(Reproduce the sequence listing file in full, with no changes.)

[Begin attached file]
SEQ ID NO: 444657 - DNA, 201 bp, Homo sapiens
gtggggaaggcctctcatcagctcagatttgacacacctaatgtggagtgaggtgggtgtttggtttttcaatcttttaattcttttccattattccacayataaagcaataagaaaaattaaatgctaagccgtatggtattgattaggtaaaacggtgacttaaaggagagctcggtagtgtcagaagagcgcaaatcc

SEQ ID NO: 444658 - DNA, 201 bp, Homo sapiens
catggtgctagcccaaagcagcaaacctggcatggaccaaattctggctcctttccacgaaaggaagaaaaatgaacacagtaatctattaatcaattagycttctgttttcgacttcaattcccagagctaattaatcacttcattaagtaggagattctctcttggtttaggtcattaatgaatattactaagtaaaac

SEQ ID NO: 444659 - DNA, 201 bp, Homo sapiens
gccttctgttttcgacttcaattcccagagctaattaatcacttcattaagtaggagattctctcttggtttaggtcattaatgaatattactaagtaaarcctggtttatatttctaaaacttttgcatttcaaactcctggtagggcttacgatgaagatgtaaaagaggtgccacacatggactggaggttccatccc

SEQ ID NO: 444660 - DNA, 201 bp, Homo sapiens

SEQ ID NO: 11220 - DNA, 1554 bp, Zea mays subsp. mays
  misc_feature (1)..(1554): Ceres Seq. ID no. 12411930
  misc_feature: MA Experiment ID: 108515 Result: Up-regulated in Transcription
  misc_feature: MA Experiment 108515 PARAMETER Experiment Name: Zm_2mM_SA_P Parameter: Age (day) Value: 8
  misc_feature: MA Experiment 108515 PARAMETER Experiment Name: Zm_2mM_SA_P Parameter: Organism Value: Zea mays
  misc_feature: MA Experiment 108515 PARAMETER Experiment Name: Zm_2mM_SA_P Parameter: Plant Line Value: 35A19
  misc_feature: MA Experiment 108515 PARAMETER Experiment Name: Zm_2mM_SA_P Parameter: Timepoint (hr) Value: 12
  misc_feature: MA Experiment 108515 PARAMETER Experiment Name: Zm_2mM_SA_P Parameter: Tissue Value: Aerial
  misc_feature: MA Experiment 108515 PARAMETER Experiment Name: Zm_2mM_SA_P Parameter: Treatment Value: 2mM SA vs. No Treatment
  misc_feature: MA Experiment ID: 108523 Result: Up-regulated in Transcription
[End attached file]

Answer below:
SEQ ID NO: 444657 - DNA, 201 bp, Homo sapiens
gtggggaaggcctctcatcagctcagatttgacacacctaatgtggagtgaggtgggtgtttggtttttcaatcttttaattcttttccattattccacayataaagcaataagaaaaattaaatgctaagccgtatggtattgattaggtaaaacggtgacttaaaggagagctcggtagtgtcagaagagcgcaaatcc

SEQ ID NO: 444658 - DNA, 201 bp, Homo sapiens
catggtgctagcccaaagcagcaaacctggcatggaccaaattctggctcctttccacgaaaggaagaaaaatgaacacagtaatctattaatcaattagycttctgttttcgacttcaattcccagagctaattaatcacttcattaagtaggagattctctcttggtttaggtcattaatgaatattactaagtaaaac

SEQ ID NO: 444659 - DNA, 201 bp, Homo sapiens
gccttctgttttcgacttcaattcccagagctaattaatcacttcattaagtaggagattctctcttggtttaggtcattaatgaatattactaagtaaarcctggtttatatttctaaaacttttgcatttcaaactcctggtagggcttacgatgaagatgtaaaagaggtgccacacatggactggaggttccatccc

SEQ ID NO: 444660 - DNA, 201 bp, Homo sapiens

SEQ ID NO: 11220 - DNA, 1554 bp, Zea mays subsp. mays
  misc_feature (1)..(1554): Ceres Seq. ID no. 12411930
  misc_feature: MA Experiment ID: 108515 Result: Up-regulated in Transcription
  misc_feature: MA Experiment 108515 PARAMETER Experiment Name: Zm_2mM_SA_P Parameter: Age (day) Value: 8
  misc_feature: MA Experiment 108515 PARAMETER Experiment Name: Zm_2mM_SA_P Parameter: Organism Value: Zea mays
  misc_feature: MA Experiment 108515 PARAMETER Experiment Name: Zm_2mM_SA_P Parameter: Plant Line Value: 35A19
  misc_feature: MA Experiment 108515 PARAMETER Experiment Name: Zm_2mM_SA_P Parameter: Timepoint (hr) Value: 12
  misc_feature: MA Experiment 108515 PARAMETER Experiment Name: Zm_2mM_SA_P Parameter: Tissue Value: Aerial
  misc_feature: MA Experiment 108515 PARAMETER Experiment Name: Zm_2mM_SA_P Parameter: Treatment Value: 2mM SA vs. No Treatment
  misc_feature: MA Experiment ID: 108523 Result: Up-regulated in Transcription